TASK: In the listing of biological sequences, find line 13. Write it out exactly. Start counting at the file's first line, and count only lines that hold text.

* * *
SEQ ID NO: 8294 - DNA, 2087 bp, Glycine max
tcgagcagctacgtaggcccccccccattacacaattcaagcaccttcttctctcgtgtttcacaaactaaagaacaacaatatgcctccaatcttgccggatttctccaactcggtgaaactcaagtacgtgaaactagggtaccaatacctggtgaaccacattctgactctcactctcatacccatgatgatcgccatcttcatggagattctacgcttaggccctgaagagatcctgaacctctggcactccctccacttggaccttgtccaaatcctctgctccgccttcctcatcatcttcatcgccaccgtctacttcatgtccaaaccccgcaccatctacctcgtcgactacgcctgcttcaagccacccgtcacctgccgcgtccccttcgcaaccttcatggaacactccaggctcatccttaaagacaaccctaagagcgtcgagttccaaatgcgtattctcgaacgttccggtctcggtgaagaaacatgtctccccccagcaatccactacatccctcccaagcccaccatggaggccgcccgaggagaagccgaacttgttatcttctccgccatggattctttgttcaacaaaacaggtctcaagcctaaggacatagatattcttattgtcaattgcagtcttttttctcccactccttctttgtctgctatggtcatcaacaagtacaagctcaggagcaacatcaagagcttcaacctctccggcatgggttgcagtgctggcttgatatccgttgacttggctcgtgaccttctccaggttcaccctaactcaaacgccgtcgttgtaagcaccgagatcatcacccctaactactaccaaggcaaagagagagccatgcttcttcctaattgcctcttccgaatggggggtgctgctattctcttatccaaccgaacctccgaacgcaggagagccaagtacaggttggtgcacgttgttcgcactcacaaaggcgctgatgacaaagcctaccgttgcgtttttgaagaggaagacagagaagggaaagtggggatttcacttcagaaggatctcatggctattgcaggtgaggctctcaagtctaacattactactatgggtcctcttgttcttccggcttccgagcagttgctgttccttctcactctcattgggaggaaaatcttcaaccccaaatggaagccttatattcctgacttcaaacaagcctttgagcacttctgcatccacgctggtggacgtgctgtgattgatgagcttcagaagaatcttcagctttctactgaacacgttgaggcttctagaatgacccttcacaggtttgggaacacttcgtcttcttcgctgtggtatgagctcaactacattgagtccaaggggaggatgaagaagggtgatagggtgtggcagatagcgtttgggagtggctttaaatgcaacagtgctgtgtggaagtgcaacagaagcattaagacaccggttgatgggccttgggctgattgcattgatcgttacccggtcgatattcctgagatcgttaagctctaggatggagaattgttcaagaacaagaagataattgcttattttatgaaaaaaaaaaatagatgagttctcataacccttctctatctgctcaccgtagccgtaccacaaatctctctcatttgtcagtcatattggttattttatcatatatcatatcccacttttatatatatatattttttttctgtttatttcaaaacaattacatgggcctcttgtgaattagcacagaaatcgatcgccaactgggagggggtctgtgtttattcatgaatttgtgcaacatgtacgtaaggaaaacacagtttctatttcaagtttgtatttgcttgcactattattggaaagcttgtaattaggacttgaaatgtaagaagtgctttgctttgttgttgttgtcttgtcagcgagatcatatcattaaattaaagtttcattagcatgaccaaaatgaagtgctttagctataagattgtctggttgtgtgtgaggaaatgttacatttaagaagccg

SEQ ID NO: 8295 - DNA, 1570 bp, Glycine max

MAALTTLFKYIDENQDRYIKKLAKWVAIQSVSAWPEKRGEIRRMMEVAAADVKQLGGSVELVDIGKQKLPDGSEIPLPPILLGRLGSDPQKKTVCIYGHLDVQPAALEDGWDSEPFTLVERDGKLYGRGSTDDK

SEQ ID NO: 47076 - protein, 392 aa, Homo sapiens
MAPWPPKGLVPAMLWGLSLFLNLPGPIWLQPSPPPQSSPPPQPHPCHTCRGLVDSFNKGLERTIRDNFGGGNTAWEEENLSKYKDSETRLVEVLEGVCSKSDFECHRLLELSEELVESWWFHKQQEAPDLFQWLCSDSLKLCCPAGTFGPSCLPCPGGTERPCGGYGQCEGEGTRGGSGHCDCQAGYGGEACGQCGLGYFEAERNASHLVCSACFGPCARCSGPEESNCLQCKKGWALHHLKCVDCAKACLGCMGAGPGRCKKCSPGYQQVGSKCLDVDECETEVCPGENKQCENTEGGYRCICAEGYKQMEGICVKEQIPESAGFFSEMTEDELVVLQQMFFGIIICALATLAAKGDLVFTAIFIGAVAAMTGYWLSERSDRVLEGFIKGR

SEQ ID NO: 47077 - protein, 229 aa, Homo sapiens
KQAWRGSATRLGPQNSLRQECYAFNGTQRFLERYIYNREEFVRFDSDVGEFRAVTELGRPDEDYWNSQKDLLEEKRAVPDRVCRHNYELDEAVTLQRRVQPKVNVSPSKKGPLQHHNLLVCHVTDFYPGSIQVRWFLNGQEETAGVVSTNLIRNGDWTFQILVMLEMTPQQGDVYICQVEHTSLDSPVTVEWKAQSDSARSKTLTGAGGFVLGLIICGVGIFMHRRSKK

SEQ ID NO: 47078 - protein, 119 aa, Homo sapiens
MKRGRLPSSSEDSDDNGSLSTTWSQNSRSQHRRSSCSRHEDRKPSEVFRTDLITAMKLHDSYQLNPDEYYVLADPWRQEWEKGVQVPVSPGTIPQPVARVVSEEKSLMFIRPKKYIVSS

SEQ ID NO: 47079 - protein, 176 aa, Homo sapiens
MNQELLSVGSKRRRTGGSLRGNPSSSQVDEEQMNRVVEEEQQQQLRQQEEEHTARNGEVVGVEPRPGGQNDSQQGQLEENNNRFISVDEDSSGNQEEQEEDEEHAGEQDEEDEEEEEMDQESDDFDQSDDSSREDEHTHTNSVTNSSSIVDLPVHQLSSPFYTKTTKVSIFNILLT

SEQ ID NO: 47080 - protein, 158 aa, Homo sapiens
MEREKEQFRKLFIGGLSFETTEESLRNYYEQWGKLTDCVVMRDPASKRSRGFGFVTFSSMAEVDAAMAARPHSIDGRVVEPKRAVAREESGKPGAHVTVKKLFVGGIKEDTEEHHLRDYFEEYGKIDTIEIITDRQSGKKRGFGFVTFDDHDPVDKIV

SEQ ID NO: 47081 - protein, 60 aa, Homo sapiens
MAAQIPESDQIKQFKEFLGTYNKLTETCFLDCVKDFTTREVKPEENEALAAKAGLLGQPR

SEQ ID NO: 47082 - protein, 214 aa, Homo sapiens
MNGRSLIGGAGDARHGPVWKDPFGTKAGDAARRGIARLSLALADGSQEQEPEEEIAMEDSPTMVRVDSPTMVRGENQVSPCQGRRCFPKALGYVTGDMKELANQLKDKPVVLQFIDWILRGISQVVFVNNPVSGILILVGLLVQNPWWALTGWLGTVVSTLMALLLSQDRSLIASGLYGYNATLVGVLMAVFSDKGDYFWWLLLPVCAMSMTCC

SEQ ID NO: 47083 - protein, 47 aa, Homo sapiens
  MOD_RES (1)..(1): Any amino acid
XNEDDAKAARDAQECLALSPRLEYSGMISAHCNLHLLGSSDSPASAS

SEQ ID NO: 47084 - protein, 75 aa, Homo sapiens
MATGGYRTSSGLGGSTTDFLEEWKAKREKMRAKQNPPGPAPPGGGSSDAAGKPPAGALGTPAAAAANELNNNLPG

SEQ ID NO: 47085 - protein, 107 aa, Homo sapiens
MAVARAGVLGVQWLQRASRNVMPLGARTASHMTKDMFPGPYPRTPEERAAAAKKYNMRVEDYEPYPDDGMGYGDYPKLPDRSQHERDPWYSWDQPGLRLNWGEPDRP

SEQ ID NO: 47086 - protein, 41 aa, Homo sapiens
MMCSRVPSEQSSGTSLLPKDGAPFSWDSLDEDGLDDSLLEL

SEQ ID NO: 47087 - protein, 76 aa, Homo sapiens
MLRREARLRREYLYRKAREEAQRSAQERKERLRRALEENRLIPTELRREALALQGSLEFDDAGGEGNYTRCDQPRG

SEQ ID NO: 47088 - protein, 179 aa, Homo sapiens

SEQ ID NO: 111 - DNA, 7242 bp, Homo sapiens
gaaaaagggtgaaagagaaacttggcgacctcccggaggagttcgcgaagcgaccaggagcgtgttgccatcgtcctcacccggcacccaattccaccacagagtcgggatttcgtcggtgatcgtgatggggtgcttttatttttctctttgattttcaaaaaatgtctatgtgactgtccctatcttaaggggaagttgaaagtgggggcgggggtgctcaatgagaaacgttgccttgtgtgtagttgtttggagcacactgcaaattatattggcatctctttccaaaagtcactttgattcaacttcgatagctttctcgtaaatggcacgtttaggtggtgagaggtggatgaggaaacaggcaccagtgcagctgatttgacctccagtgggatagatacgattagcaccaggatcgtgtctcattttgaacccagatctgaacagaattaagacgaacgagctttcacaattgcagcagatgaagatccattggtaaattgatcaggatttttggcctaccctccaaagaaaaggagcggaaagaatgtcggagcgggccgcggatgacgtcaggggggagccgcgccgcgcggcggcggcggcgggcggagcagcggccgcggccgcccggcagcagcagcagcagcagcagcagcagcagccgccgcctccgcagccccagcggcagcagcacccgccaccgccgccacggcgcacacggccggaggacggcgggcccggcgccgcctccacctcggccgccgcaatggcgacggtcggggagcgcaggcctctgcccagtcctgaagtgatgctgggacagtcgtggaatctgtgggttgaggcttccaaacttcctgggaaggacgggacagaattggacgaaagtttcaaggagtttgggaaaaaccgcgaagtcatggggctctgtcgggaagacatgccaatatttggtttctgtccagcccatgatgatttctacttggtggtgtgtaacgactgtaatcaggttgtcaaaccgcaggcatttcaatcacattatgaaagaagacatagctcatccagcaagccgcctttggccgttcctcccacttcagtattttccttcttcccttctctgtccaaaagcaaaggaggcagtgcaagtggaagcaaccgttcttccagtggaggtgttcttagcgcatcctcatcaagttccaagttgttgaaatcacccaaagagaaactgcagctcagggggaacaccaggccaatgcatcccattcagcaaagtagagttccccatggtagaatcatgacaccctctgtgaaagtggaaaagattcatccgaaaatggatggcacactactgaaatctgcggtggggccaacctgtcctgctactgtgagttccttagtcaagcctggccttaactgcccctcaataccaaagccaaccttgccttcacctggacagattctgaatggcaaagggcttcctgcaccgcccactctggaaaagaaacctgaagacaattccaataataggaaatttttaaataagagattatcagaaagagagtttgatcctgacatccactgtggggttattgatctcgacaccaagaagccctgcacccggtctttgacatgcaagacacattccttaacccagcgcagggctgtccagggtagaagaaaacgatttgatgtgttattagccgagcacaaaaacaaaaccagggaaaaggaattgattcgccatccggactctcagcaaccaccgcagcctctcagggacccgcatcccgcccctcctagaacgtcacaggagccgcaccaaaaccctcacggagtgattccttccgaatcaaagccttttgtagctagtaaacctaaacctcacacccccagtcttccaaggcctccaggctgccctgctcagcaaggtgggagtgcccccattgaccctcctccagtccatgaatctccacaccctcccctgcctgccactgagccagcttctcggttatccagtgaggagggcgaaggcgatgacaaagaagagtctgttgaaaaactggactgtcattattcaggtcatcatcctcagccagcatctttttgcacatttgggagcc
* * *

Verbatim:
SEQ ID NO: 47080 - protein, 158 aa, Homo sapiens